Calling it a “tremendous victory,” Sarah Leberstein, senior staff attorney for the National Employment Law Group said, “Paying workers less than the minimum wage for their work hours, and not paying an overtime premium after 40 hours a week benefits no one.” According to the advocacy group Caring Across Generations, domestic care is one of the U.S.’s lowest paying industry, with an average hourly wage of $9.61.
A unanimous ruling by a three-judge panel in the D.C. Circuit Court of Appeals on Friday will reauthorize changes made by the Department of Labor to include overtime and minimum wage protections for two million home care workers nationwide. This comes after Judge Richard Leon ruled in a lower D.C. federal court in January that the Labor Department’s 2013 rule change, based on an executive order by President Obama, should be handled by Congress and not the Executive branch. In 1974, Congress passed a law that exempted home care workers from the traditional minimum wage and overtime provisions of the Fair Labor Standards Act (FLSA), as it was considered at the time to be considered casual work, with workers usually employed by individual households. Judge Sri Srinivasan wrote in his opinion, of the “dramatic transformation” of the home care industry since the 1970s, as the modern industry of home health is dominated by “staffing companies that service hundreds of thousands of customers.” The change was supposed to have been implemented at the start of 2015.
Specifically, the appeals panel ruled that the language in FLSA grants the Department of Labor the authority to strike the home care exception from the law. In the opinion, Srinivasan wrote “The department’s decision to extend the FLSA’s protections to those employees is grounded in a reasonable interpretation of the statute and is neither arbitrary nor capricious.” In 2013 the Labor Department changed the definitions of “domestic service employment” and “companionship services.” Under the 2013 definitions, third-party employers like staffing services must pay overtime if a service employee is hired to care for the elderly or disabled persons not able to care for themselves. The new definition separated these workers, who provide much more advanced care than what the 1974 law viewed as workers who provide simple “companionship.” During the 1970s, most elder and disabled care occurred in institutions, with the spread of domestic health care as an $84 billion industry being a relatively new phenomenon.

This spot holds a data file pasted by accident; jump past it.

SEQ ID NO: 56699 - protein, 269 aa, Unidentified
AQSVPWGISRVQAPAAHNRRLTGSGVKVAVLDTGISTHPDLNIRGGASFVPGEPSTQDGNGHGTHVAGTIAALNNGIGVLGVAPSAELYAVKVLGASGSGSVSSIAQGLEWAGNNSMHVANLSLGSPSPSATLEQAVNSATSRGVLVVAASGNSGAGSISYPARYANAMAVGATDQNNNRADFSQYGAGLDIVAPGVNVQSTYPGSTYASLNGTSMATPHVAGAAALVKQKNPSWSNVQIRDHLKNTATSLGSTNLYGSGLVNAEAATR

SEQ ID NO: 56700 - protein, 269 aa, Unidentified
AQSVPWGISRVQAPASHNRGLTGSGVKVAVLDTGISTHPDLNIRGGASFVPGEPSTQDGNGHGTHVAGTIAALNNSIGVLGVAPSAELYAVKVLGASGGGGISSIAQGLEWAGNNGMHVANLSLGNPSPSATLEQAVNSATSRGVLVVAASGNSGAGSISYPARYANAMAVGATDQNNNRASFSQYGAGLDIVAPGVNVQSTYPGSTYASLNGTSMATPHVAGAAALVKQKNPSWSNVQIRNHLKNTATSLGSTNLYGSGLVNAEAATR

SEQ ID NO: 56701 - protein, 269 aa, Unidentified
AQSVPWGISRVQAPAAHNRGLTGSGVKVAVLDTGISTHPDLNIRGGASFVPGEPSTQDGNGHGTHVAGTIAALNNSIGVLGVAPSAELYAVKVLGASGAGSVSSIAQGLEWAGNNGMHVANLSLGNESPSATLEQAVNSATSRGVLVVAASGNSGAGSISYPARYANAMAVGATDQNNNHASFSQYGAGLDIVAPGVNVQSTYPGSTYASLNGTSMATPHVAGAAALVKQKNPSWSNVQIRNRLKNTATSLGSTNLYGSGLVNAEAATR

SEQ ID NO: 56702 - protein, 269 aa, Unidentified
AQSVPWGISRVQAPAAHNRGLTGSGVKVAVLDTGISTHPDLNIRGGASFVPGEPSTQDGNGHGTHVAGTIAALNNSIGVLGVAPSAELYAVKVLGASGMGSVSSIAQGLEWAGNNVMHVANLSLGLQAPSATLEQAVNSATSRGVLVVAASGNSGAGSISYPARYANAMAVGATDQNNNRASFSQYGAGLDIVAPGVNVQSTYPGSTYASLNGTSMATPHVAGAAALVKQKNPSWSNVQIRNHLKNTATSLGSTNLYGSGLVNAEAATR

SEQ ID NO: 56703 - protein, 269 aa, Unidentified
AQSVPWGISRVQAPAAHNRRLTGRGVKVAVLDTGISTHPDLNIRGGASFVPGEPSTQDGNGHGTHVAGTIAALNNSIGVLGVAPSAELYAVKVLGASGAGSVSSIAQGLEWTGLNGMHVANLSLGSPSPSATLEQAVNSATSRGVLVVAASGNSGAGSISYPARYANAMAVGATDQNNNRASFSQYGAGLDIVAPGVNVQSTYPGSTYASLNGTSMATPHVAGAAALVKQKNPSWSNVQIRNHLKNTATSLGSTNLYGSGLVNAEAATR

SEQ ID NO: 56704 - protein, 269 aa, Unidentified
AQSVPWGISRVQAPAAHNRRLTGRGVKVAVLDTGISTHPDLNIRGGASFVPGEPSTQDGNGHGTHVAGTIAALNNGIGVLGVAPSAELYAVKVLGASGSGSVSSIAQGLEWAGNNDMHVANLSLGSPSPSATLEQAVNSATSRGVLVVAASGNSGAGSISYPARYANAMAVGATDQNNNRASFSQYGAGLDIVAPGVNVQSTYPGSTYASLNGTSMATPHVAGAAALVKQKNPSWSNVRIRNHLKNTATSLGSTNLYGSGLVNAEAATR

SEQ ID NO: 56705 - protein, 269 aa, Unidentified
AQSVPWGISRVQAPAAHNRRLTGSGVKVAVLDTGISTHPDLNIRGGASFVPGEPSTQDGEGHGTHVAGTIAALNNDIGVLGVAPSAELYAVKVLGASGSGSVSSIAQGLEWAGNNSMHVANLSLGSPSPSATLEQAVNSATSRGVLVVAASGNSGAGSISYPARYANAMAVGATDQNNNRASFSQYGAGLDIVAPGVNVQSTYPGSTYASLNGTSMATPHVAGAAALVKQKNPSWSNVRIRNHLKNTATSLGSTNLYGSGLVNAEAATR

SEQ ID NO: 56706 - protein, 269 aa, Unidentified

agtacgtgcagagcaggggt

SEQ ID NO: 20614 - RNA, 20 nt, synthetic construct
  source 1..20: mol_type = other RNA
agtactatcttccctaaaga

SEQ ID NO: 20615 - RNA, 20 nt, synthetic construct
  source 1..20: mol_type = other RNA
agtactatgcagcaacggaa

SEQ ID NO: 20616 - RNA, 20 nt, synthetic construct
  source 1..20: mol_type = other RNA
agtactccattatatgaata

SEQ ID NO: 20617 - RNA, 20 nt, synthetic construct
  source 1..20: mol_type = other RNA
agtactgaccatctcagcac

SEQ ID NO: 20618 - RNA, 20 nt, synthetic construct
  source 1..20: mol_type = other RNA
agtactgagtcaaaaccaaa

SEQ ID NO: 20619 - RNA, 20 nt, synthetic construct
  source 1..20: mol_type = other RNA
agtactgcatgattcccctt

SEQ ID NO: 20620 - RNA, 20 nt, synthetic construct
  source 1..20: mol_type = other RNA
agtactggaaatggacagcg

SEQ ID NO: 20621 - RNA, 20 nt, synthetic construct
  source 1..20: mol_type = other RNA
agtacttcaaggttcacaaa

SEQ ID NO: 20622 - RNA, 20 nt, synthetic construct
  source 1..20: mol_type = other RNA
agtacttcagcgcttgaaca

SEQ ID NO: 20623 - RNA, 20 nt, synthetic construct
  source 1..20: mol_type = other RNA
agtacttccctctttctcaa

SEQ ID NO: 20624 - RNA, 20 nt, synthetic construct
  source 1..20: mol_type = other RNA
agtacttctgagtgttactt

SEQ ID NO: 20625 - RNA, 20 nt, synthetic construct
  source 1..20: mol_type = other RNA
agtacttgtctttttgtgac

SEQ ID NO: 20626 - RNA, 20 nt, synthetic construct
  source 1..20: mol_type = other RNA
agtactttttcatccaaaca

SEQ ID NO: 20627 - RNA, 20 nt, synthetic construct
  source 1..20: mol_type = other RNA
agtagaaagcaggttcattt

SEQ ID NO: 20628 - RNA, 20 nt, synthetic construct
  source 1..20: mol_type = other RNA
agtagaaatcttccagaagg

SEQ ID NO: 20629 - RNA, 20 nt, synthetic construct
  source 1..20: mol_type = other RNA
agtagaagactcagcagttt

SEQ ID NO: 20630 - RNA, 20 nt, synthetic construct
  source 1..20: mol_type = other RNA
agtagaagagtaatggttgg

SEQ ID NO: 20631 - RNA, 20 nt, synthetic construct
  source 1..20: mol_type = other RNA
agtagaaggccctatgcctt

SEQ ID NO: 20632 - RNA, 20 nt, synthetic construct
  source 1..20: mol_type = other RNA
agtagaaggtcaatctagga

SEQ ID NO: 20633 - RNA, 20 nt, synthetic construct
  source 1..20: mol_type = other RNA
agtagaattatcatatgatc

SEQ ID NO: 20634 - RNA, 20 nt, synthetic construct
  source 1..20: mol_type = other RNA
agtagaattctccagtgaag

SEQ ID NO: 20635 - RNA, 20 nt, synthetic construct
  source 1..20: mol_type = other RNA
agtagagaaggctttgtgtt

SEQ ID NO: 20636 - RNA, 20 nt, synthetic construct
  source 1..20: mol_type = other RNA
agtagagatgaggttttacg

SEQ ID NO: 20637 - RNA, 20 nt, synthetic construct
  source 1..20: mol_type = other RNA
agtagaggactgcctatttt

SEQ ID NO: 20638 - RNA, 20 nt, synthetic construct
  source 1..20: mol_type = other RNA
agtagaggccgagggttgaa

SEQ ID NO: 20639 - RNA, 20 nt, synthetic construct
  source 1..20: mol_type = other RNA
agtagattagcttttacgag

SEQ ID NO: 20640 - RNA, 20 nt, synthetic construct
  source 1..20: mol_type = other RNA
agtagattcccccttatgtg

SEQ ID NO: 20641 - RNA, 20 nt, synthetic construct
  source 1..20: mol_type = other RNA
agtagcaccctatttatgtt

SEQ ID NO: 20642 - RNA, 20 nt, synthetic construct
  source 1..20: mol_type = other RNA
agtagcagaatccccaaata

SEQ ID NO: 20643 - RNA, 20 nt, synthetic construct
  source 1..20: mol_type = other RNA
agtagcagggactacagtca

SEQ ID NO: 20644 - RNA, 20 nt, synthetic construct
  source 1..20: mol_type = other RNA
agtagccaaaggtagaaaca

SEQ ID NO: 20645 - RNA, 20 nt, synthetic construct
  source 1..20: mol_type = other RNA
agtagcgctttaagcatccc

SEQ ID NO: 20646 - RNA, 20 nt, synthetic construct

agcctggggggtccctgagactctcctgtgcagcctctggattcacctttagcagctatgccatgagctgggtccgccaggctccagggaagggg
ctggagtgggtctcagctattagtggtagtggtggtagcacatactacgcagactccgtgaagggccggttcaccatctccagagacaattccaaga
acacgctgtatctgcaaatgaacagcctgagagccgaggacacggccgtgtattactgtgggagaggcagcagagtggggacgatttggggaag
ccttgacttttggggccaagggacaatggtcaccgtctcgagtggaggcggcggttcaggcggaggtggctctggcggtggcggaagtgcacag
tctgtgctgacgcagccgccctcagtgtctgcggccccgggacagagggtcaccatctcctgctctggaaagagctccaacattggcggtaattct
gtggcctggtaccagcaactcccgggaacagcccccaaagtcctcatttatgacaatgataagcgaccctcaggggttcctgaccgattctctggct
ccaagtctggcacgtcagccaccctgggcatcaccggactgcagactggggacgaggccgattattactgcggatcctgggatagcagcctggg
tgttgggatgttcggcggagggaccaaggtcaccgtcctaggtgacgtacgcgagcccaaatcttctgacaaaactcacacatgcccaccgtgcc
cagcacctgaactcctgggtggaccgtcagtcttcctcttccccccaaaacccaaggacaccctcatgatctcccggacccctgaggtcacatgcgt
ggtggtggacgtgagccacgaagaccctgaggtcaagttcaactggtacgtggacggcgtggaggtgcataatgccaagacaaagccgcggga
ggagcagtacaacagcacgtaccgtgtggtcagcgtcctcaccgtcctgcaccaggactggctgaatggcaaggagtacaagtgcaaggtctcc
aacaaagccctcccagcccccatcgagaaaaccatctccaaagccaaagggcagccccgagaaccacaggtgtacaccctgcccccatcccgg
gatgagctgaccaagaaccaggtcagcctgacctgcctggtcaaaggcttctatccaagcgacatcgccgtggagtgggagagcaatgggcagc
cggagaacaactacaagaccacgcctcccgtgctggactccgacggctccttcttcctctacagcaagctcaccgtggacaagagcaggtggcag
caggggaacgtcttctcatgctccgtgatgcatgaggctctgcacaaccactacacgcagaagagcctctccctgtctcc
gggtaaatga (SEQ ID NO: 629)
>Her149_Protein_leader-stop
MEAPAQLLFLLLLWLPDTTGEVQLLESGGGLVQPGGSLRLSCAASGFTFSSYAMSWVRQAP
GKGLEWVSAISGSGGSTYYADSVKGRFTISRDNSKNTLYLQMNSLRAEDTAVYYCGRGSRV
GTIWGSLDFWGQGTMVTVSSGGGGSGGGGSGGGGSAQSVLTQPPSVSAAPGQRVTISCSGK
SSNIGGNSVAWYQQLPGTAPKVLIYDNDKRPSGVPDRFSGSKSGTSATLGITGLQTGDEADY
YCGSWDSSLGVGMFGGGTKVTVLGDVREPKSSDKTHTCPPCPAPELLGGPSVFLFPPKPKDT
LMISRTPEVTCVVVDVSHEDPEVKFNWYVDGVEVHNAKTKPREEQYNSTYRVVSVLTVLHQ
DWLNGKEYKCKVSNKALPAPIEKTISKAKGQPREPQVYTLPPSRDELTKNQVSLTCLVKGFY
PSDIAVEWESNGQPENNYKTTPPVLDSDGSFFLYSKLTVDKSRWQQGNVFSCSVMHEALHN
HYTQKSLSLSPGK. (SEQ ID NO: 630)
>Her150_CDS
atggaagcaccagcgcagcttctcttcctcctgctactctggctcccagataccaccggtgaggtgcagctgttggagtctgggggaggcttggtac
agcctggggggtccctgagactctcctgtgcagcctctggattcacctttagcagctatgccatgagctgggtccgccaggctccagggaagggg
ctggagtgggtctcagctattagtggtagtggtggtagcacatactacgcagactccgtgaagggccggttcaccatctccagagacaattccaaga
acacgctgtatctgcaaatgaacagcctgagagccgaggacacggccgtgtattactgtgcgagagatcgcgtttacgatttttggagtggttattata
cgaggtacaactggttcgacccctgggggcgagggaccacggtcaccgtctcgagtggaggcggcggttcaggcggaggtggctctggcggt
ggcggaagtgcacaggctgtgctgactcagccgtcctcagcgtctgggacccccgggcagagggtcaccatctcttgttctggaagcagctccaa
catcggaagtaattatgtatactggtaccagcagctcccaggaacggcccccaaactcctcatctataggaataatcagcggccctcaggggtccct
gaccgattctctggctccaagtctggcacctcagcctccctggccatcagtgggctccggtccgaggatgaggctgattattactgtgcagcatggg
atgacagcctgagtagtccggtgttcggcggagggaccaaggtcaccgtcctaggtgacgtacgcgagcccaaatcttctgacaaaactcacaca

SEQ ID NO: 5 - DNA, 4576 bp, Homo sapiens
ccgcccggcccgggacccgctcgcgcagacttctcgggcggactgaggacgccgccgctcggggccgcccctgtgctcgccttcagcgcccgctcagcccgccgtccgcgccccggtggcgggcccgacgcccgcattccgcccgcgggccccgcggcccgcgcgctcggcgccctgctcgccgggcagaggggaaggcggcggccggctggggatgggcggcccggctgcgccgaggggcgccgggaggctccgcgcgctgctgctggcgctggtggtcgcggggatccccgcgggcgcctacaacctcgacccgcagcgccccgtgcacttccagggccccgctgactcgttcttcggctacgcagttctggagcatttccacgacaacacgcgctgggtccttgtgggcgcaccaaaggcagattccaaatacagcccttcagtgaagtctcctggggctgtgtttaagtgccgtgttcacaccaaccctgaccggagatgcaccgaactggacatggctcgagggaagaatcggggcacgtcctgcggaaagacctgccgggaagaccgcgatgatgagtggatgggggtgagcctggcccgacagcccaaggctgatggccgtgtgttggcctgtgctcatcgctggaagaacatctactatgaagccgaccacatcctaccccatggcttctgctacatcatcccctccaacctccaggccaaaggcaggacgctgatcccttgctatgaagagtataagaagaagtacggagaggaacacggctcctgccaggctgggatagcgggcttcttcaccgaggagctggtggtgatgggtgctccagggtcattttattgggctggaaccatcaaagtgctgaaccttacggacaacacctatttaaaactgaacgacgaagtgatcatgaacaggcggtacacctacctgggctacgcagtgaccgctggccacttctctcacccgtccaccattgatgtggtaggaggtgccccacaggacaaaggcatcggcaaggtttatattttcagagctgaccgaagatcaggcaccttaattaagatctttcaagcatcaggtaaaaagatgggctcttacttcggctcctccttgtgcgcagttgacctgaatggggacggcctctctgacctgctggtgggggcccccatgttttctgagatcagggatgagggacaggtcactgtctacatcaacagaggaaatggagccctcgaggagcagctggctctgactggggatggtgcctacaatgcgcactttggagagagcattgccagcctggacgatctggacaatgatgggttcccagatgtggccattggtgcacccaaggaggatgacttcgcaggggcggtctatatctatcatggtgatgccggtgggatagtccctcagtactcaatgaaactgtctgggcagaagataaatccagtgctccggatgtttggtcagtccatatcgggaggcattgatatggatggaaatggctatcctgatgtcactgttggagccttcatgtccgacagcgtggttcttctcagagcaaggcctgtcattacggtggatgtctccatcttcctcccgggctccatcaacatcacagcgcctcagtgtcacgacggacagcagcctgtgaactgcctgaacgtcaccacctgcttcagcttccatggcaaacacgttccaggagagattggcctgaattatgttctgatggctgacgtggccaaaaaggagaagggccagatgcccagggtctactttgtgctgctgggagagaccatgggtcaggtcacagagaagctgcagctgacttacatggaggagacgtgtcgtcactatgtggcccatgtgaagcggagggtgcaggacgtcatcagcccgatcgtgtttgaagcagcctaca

The Department of Labor called the ruling, “the right thing to do — both for employees, whose demanding work merits these fundamental wage guarantees, and for recipients of services, who deserve a stable and professional workforce allowing them to remain in their homes and communities.” Currently 15 states have their own minimum wage laws affecting domestic health workers, with several of the states including New York, Illinois, Massachusetts and Maryland filing papers in court supporting the rule change. Calling it a “tremendous victory,” Sarah Leberstein, senior staff attorney for the National Employment Law Group said, “Paying workers less than the minimum wage for their work hours, and not paying an overtime premium after 40 hours a week benefits no one.” According to the advocacy group Caring Across Generations, domestic care is one of the U.S.’s lowest paying industry, with an average hourly wage of $9.61. Leberstein added, “Low pay leads to burnout and high turnover and compromises care, which in turn create economic strains on the home care system.”
The National Association for Home Care, the industry’s largest trade group and the rule change’s biggest opponent, has stated that it is considering avenues to challenge the ruling. The Association has lobbied heavily against the changes, agreeing with Judge Leon that lifting the exception will make home care less affordable for patients. The Association believes that the rules will likely reduce the take-home pay of workers, with staffers unwilling to send workers out for assignments longer than eight hours to avoid paying overtime. A coalition of nine states including Arizona, Michigan and Texas have opposed the rule changes saying that it will increase state Medicaid costs and shift financial burdens onto the states. Any sort of legal challenge to the ruling may be difficult to mount, however. The D.C. Appeals panel based its ruling on a 2007 Supreme Court decision stating that “Congress had granted authority to the department to resolve the issue,” according to Srinivasan. The deference to the Department of Labor in both rulings will also likely make challenges to the Department’s rulemaking authority much more difficult in the future, given the discretion granted by the courts.
ABC News/Associated Press – Sam Hananel
Modern Healthcare – Lisa Schencker
New York Times – Noam Scheiber
The Hill – Lydia Wheele